Pro Bono On The Accounting Side…

October 10, 2007

Maintaining a site for keeping lecture notes and solutions to exercises and problems takes about eight to twelve hours a week. That’s because a lot of new pages need to be set up,  prepped for the first time. It could could go down to eight hours a week as things move forward.

In tandem with maintenance, I’ve also set up a database backend specifically for the exercises. What this basically means is I’ve partially created a database-backend app with a web front-end for automating some of the accounting procedures. It’s not up-and-running yet, but it will be ready in the coming week or two.

I’ll open this project to the public once it is ready. This one is going to be Pro-Bono (free) as this will greatly help me in my studies, going forward. So, if you want a free-ride on your accounting system, especially if you’re a mom-and-pop store, a team-operating-on-a-dime, or even a smallbiz who wants to save that penny. My suggestion is to get on this project once it is ready.

I’ll take care of the nut-and-bolts, you basically plug-in the numbers and run reports. That’s basically the deal. It’s as easy as any accounting firm, except this one is free.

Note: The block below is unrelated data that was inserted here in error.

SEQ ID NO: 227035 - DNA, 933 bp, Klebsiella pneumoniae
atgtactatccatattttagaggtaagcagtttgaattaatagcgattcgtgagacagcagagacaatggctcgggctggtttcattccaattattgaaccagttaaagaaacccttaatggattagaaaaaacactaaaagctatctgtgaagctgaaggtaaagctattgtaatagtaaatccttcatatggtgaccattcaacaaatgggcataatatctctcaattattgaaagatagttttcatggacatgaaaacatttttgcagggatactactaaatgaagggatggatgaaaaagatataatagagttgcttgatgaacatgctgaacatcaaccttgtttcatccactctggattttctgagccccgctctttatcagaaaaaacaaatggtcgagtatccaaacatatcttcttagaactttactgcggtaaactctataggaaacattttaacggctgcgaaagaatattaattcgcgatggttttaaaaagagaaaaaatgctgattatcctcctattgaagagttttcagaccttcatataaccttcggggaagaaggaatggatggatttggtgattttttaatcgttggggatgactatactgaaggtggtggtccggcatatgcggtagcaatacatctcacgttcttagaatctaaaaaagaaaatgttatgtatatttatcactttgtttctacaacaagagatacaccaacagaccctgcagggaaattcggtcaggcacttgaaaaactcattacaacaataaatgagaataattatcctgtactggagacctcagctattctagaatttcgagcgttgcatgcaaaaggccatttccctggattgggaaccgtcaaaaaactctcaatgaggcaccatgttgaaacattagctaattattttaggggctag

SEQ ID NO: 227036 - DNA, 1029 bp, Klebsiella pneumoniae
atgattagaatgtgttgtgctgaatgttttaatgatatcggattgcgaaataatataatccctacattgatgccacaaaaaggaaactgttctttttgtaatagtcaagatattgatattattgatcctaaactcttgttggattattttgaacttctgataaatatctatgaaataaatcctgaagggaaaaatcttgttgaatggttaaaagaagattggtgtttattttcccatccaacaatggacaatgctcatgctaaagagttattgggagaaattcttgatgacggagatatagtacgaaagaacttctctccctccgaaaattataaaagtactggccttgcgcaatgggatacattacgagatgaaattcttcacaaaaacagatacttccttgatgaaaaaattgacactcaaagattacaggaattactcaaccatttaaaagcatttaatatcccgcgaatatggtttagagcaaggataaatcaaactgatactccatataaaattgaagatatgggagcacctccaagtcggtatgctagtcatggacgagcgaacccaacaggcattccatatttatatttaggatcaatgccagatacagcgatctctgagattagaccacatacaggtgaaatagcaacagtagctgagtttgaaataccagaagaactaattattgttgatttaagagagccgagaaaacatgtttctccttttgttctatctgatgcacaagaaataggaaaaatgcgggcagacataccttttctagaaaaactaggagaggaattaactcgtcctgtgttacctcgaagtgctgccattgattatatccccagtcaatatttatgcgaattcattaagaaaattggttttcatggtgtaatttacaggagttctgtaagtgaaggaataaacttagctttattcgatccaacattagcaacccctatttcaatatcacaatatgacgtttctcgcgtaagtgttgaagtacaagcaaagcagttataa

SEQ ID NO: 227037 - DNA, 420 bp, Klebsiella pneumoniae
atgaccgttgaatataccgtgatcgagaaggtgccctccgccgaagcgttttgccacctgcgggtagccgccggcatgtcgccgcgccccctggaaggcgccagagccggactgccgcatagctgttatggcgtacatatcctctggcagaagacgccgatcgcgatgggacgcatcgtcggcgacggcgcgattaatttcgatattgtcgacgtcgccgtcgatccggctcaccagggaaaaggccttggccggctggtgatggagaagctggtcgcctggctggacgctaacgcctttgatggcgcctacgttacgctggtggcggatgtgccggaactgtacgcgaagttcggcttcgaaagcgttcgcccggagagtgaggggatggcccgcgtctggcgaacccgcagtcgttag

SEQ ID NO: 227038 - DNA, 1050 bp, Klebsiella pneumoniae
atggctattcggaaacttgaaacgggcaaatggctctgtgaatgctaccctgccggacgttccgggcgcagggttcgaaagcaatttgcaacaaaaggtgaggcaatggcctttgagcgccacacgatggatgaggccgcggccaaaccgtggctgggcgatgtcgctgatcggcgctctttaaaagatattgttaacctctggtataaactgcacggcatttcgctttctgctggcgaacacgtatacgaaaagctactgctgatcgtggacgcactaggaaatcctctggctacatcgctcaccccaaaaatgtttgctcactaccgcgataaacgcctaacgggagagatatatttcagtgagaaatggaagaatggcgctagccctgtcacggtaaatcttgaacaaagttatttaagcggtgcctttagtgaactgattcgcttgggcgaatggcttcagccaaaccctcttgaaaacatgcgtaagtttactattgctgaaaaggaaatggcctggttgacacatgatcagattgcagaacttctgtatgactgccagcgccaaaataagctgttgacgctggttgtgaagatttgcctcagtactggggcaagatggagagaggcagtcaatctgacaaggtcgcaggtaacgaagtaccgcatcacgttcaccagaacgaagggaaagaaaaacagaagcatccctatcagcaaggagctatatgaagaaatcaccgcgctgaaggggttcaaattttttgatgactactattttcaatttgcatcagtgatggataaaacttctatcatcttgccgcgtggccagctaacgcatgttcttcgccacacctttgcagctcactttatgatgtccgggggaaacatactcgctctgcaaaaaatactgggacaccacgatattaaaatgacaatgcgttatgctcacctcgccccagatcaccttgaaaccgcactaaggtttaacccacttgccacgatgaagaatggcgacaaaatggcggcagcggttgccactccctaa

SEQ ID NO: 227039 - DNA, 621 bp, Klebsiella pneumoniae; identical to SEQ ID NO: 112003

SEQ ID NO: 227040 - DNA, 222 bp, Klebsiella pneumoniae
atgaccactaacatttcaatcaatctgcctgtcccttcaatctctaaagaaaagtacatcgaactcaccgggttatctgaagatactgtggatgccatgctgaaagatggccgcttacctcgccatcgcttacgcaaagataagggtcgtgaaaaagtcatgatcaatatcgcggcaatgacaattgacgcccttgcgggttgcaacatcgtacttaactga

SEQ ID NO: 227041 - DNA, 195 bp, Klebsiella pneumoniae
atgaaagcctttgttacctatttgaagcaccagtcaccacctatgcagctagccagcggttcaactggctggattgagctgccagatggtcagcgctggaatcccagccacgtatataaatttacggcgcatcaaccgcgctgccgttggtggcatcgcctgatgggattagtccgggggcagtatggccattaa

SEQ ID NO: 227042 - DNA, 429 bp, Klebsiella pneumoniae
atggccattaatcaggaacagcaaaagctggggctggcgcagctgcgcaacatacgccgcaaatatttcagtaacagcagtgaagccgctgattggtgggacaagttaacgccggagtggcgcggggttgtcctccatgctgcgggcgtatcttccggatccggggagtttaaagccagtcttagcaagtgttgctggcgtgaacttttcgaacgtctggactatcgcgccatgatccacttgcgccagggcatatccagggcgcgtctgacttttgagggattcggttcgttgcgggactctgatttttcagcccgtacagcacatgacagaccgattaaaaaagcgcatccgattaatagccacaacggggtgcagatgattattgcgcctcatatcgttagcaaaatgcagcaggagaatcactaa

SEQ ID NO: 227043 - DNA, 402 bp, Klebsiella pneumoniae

Send me an email, if you’re curious enough to know what’s going-on behind this weblog, though.

 OK, see you later.


Adobe Flex Development On Ubuntu Linux

May 13, 2007

Adobe Flex is an API that works in tandem with Flash 9 player, is available as an SDK. There is a free version of the SDK that allows you to develop Flex applications. You can get the SDK from the download section and install it in your development directory. The SDK contain two sets of development tools that target two platforms: Linux and Windows. You can code and test in Windows or choose a flavor of Linux, remember to simply run the appropriate compiler to get the output file generated.

If you’re interested to know more about setting-up a Flex development environment in Linux, please read-on as I’ll document the steps needed to get you up-and-running.

From here on, you’ll be seeing concrete examples that might confuse you if you’re not familiar with what I’m describing. For example, Ubuntu will be used as a reference OS and that might confuse non-Ubuntu developers. If that’s the case, you can still follow-through and try to relate them to your familiar environment.

Let’s start with what tools are needed to setup the environment.

  1. Ubuntu 7
  2. Adobe Flex SDK (free version)
  3. Java JRE
  4. Firefox

We’re now ready to assemble the parts. Here we go.